A group of AFLW players have begun to seek legal help in response to the AFL Players’ Association’s handling of AFLW pay negotiations according to Michael Warner of the Herald Sun.
According to Warner, workers’ rights firm Maurice Blackburn confirmed it is representing a group of dissatisfied AFLW players who are unhappy with the players’ union’s handling of collective bargaining agreement negotiations with the AFL.
The group of players told the AFLPA on Wednesday that they were “not in a position to recommend the current CBA.”
Maurice Blackburn senior associate Jacinta Lewin told the Herald Sun that the union was pressuring players into accepting the new pay deal.
“The players are being pressured to accept an unfair deal, without knowing the full details,” said Lewin.
“They have been told that unless they commit to a deal this week, and the AFL is unwilling to recommence negotiations, that they may be forced to sign a commitment not to play (in 2020).
“This is inaccurate and misleading. There are a range of options available to players to negotiate a better deal. All efforts should be exhausted before they are locked into a three-year deal which impacts their rights and the future of AFLW.”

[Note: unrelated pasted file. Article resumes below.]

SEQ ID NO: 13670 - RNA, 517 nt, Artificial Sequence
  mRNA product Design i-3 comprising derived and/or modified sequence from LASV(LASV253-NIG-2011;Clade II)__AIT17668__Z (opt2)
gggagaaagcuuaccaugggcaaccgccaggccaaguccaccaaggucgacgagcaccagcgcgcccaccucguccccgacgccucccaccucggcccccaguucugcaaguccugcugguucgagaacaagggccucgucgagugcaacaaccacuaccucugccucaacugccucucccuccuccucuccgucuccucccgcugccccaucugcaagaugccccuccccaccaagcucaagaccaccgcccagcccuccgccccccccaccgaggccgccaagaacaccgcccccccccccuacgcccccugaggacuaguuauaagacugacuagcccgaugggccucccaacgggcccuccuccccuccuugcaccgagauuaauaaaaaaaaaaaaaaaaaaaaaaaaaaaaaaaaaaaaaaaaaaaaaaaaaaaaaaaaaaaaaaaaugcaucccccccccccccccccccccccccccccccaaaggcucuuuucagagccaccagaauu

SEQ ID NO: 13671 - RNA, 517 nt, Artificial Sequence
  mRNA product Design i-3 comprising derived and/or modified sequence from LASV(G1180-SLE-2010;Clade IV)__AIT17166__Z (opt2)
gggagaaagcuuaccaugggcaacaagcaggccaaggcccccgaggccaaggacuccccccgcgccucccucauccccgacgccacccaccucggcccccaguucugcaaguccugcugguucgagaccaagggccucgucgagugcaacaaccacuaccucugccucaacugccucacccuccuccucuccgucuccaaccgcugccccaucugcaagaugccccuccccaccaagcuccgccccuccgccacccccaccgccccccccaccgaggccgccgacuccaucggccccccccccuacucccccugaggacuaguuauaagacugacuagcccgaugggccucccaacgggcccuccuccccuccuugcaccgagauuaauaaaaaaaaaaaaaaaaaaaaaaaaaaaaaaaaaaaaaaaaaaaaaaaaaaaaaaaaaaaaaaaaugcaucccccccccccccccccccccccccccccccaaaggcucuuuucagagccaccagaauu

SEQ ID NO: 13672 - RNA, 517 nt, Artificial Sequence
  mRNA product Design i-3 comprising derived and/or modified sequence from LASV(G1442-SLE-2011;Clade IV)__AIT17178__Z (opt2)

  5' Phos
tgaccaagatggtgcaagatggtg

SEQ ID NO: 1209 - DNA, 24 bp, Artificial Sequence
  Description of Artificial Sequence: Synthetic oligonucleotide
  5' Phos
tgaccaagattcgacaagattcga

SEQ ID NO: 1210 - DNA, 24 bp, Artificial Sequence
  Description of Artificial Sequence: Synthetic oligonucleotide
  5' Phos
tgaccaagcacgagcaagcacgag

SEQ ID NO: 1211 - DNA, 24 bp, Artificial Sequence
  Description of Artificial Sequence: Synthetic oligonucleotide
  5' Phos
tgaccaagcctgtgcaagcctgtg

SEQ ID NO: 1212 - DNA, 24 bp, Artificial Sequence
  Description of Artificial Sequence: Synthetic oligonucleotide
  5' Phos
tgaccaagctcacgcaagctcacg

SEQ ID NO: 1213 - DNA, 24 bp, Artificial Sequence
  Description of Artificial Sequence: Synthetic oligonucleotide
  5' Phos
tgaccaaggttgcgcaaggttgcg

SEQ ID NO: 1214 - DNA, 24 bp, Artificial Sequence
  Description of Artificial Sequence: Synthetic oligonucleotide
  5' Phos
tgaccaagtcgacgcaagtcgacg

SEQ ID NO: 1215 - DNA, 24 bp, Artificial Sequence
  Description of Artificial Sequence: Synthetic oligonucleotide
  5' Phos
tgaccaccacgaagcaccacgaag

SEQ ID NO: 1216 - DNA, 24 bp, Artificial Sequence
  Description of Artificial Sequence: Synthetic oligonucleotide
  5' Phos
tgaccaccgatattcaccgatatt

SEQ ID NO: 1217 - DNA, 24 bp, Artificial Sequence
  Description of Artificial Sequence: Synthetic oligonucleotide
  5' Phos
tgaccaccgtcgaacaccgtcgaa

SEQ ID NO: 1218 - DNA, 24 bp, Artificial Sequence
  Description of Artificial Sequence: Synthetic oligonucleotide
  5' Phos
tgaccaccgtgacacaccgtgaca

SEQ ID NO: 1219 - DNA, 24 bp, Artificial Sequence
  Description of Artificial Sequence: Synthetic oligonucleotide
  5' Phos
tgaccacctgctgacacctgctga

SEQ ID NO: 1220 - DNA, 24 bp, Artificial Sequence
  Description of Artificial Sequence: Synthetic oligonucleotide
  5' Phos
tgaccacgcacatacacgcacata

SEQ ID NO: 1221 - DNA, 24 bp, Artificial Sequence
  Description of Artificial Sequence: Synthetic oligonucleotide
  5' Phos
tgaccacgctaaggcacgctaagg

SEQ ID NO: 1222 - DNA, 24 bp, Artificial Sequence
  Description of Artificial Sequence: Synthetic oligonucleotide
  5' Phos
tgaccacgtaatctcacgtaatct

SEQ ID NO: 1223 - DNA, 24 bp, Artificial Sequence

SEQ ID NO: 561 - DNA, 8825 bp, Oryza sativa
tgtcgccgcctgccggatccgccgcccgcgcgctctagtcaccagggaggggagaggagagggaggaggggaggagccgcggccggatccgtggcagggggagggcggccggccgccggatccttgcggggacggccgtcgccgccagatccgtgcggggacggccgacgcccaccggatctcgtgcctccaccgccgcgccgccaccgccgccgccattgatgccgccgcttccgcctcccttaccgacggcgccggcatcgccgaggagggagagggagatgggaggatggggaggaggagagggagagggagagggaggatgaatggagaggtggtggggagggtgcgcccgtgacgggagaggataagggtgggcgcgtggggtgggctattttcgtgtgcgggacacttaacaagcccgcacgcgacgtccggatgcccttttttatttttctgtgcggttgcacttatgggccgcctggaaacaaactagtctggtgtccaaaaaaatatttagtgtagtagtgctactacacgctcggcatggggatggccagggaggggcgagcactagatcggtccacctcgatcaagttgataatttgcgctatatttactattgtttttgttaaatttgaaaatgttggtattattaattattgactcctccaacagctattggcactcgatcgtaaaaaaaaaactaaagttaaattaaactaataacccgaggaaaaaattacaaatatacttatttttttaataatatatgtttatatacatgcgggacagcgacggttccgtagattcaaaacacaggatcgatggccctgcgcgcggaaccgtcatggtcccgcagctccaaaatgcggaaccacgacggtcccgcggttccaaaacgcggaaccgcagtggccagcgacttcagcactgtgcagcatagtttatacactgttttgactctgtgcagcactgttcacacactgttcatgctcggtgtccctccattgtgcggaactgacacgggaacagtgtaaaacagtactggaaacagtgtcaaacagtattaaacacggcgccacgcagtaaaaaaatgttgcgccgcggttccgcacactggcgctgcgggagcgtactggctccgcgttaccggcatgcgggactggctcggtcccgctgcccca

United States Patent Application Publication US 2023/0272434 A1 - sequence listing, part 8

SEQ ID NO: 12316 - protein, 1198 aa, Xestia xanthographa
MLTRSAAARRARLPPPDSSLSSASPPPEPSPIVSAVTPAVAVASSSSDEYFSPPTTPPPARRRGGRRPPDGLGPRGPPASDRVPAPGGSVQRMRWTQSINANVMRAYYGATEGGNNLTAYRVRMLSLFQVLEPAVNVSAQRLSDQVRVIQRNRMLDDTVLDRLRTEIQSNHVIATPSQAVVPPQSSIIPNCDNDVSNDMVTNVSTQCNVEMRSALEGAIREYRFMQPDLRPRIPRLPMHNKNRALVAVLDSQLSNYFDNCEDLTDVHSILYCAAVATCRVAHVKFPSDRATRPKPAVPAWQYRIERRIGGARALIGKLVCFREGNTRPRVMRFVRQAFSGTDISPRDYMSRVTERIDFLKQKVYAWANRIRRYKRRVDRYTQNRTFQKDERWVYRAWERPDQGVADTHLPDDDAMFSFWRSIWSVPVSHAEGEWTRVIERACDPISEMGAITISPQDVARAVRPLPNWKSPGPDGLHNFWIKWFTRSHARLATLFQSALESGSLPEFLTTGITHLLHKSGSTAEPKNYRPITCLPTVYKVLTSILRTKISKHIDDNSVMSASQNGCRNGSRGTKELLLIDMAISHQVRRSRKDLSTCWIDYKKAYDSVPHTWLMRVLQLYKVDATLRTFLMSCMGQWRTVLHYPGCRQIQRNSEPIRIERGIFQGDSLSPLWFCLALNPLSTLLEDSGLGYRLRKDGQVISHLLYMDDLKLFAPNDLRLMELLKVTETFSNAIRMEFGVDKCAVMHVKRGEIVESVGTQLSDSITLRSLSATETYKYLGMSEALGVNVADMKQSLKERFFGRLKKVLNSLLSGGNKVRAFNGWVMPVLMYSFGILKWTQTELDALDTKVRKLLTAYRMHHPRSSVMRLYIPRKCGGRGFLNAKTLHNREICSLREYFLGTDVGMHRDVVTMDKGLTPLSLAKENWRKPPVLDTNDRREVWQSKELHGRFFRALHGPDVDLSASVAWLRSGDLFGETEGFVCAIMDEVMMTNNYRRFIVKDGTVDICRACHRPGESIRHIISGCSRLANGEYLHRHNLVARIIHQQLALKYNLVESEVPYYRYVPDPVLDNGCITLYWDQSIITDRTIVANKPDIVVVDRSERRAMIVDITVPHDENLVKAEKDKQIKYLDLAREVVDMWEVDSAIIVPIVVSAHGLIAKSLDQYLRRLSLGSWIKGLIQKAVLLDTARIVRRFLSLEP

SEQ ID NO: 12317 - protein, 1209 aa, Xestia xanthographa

The new deal as currently proposed would result in a 21 per cent pay rise for players next season according to the AFLPA.
However, the block of players now being represented by Maurice Blackburn dispute this, believing the deal only to be both a pay increase of 7 per cent next season “based on hourly rates” with zero increases for the 2021 season.
The move for legal representation comes after AFLW pioneer Susan Alberti last month called for AFLW players to break away from the AFLPA and form their own representative union body as dissatisfaction with AFLPA efforts mounts.
“They are simply not listening to core sections of their membership,” said Lewin.
“There is a lack of transparency and consultation. AFLW players should feel confident that their concerns are heard, valued and respected. They should feel confident that agreements affecting their rights are negotiated transparently, with their input from the start. This is not the experience of the players we are representing. It is a cause for real concern.
“Our client’s rightly expect more of their association.”
The group of players requests the AFLPA presents a breakdown of the AFL’s offer ahead of a vote on the CBA which requires 75% to approve the deal.
In an email sent to AFLPA CEO Paul Marsh, the group says “a 5 per cent increase plus inflation year on year is fair and reasonable.”
In response, the AFLPA says the group of players seeking legal help are in the minority and most of players support the deal.
Last season, about half of the 300 AFLW players earned less than $14,000 for the season.